I don't like UI regression tests cycles. These are the tiny-easy-to-fix things that don't break that often, e.g. the tab order is wrong. manually test the UI once thoroughly and let it be. wont break unless someone goes in and changes the UI.. what's *basic stuff that can be automated –  Gishu Oct 22 '08 at 9:25
    
Focus on/Maximize tests that work just under the GUI. Automated UI testing takes a lot of effort to create/stabilize & are slow to execute; Minimize the number of tests that go via the UI –  Gishu Oct 26 '11 at 4:02
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Prism (Composite WPF) is built primarily keeping "Testability" in mind. Go for it, if you think it suits your kind of development.

Also here is the the dotnetrocks episode you could listen to, if you need more information on Prism in audio.

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For the basics, you can also check out a few short videos on channel9 here and here.

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You can also try out Guia. It allows you to directly unit test single WPF UserControls.

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It will work just fine, easier than with win forms.

Check "WPF Application Quality Guide", it has quite a bit on testing WPF interface. Also don't forget AutomationPeer class.

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Definitely look at TestAutomationFX.com. One can invest (OK, I did) a lot of time trying to capture / record events with White. (At the start of my quest I ignored the post or two in other places referring to it).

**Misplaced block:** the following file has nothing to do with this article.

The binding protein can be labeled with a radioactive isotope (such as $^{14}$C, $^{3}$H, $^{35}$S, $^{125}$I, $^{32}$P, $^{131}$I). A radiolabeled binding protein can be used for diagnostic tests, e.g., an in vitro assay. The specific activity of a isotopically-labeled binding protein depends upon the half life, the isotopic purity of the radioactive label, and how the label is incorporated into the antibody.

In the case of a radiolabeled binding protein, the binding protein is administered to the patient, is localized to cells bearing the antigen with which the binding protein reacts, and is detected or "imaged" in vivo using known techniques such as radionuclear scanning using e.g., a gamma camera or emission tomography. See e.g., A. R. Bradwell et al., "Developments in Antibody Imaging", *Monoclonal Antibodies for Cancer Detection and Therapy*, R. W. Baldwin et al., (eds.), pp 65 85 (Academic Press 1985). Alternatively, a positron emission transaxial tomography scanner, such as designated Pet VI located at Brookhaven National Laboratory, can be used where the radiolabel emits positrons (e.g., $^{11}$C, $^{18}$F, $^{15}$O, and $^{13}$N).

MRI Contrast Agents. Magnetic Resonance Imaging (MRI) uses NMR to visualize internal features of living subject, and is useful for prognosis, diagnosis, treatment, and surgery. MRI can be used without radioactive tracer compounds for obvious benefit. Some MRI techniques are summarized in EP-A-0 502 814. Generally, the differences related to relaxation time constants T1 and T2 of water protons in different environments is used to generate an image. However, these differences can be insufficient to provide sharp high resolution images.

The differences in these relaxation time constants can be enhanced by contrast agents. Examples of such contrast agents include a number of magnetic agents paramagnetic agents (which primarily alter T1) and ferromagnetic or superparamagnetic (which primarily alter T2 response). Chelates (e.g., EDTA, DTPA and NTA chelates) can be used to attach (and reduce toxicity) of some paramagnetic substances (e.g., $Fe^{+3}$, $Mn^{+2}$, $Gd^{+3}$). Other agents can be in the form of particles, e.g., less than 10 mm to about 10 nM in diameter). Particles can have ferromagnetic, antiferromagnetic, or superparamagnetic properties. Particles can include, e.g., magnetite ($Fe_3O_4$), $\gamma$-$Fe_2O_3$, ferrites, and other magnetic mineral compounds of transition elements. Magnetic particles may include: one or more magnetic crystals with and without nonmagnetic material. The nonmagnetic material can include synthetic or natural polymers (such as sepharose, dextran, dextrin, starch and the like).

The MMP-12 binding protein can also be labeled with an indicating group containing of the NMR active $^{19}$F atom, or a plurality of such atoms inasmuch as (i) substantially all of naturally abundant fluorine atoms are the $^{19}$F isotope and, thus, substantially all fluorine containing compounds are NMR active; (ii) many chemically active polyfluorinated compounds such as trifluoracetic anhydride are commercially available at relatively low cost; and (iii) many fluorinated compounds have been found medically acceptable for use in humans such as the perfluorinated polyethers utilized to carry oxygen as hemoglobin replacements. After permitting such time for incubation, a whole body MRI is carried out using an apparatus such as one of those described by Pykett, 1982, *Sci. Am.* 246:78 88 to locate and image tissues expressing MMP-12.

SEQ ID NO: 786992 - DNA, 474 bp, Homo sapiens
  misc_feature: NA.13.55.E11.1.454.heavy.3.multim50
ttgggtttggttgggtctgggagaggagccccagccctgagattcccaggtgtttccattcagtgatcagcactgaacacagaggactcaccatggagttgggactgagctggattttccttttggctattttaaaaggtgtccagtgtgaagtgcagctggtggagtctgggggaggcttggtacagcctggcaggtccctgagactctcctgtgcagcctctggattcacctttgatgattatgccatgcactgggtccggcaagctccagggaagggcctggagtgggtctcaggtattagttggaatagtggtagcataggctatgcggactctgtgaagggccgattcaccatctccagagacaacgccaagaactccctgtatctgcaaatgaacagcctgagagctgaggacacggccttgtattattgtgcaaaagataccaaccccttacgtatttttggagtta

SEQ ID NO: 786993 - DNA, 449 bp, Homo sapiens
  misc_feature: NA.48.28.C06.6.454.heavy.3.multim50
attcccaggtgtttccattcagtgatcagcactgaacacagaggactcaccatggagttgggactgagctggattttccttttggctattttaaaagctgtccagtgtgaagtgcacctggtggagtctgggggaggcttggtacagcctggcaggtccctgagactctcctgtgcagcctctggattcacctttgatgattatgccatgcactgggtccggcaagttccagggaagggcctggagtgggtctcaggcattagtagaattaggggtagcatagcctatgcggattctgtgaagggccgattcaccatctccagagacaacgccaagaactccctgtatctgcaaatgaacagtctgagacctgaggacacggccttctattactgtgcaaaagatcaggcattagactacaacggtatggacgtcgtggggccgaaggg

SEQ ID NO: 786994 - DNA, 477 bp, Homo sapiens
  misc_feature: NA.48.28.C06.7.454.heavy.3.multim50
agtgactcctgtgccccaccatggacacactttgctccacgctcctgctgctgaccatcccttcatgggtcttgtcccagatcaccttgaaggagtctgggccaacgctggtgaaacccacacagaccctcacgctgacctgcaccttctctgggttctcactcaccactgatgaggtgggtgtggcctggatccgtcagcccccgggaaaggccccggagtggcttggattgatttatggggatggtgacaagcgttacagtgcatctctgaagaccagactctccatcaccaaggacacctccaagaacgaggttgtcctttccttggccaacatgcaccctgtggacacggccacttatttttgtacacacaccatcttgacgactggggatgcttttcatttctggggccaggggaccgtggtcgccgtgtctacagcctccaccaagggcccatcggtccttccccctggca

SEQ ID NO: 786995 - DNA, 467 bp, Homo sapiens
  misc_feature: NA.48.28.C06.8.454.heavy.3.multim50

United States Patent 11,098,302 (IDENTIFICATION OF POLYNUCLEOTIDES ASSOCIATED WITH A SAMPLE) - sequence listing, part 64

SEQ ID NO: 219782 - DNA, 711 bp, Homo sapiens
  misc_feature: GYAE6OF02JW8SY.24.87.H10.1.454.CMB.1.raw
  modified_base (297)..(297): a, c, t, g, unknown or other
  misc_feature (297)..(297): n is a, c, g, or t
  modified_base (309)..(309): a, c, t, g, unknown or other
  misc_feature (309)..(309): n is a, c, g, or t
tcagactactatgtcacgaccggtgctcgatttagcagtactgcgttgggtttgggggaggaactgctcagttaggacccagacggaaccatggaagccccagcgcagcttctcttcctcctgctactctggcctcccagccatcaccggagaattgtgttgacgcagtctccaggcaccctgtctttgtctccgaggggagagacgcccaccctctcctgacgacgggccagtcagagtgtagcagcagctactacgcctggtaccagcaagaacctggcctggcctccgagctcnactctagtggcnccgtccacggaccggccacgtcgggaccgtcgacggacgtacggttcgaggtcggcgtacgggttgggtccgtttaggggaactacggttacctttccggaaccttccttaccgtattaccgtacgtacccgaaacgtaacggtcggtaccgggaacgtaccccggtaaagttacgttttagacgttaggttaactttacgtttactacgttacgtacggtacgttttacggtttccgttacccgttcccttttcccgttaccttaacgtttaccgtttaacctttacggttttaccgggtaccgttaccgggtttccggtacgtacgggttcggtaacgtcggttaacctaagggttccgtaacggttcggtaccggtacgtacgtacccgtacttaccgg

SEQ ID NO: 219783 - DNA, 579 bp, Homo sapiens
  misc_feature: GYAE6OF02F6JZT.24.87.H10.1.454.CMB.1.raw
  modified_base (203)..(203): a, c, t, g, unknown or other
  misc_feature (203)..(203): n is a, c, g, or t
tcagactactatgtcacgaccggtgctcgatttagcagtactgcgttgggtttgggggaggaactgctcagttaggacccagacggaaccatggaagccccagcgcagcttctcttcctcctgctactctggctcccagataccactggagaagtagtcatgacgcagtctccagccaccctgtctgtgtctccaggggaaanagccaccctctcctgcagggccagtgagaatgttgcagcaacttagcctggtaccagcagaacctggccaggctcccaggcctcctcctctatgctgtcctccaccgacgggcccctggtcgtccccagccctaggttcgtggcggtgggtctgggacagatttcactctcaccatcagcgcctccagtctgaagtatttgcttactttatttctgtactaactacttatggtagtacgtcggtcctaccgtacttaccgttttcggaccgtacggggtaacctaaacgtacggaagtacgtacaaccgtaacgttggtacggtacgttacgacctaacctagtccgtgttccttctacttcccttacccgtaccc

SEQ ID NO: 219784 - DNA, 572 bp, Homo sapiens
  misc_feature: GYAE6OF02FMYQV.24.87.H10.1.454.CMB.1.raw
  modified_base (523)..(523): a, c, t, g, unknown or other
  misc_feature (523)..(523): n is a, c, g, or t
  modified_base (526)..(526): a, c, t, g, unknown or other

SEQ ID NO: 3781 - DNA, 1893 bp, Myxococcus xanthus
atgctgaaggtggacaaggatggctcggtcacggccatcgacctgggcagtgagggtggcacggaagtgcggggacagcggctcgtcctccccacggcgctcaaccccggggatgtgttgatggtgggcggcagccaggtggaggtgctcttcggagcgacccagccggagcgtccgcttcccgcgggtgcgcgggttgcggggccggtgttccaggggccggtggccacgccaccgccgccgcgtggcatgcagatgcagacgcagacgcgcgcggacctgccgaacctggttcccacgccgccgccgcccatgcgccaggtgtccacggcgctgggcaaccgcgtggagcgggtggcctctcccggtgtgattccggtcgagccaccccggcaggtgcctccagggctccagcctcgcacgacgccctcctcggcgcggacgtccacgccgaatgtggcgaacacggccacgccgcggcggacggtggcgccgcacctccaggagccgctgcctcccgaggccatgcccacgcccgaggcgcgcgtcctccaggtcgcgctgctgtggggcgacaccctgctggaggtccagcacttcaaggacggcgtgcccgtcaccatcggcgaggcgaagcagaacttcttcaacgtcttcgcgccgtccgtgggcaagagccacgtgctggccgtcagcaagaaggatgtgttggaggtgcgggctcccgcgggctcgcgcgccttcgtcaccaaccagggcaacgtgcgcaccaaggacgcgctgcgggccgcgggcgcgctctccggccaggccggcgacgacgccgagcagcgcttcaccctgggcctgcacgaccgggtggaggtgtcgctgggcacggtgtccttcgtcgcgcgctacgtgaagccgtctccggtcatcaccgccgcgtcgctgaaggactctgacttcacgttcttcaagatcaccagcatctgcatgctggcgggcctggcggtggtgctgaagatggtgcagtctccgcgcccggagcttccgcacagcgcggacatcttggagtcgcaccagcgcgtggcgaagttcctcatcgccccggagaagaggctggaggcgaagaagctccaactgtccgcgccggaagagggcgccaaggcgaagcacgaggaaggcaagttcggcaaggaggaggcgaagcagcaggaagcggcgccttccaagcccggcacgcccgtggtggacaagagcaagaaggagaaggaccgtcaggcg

I of course second the other points about the best type of testing not being UI testing.

But if someone is going to do something automatable in the UI to get around shortcomings in other types of testing coverage, TAFX seems the quickest route there.

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Try Ranorex V2.0 for WPF automation. With RanoreXPath and Ranorex repository test automation code could be completely seperated from identification information. Ranorex also provides a capture/replay editor based on RanoreXPath objects.

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Rather then using automated testers, you can create true unit tests for your GUI with IcuTest.

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I would recommend TestAutomationFX as well for simple automation of ui testing. TestAutomationFX lets you work with netAdvantage tools for wpf aswell , which doesnt work with white and QTP. TestAutomationFX has a easy to use interface , it integrates with visual studio and has a good recorder for recording user events.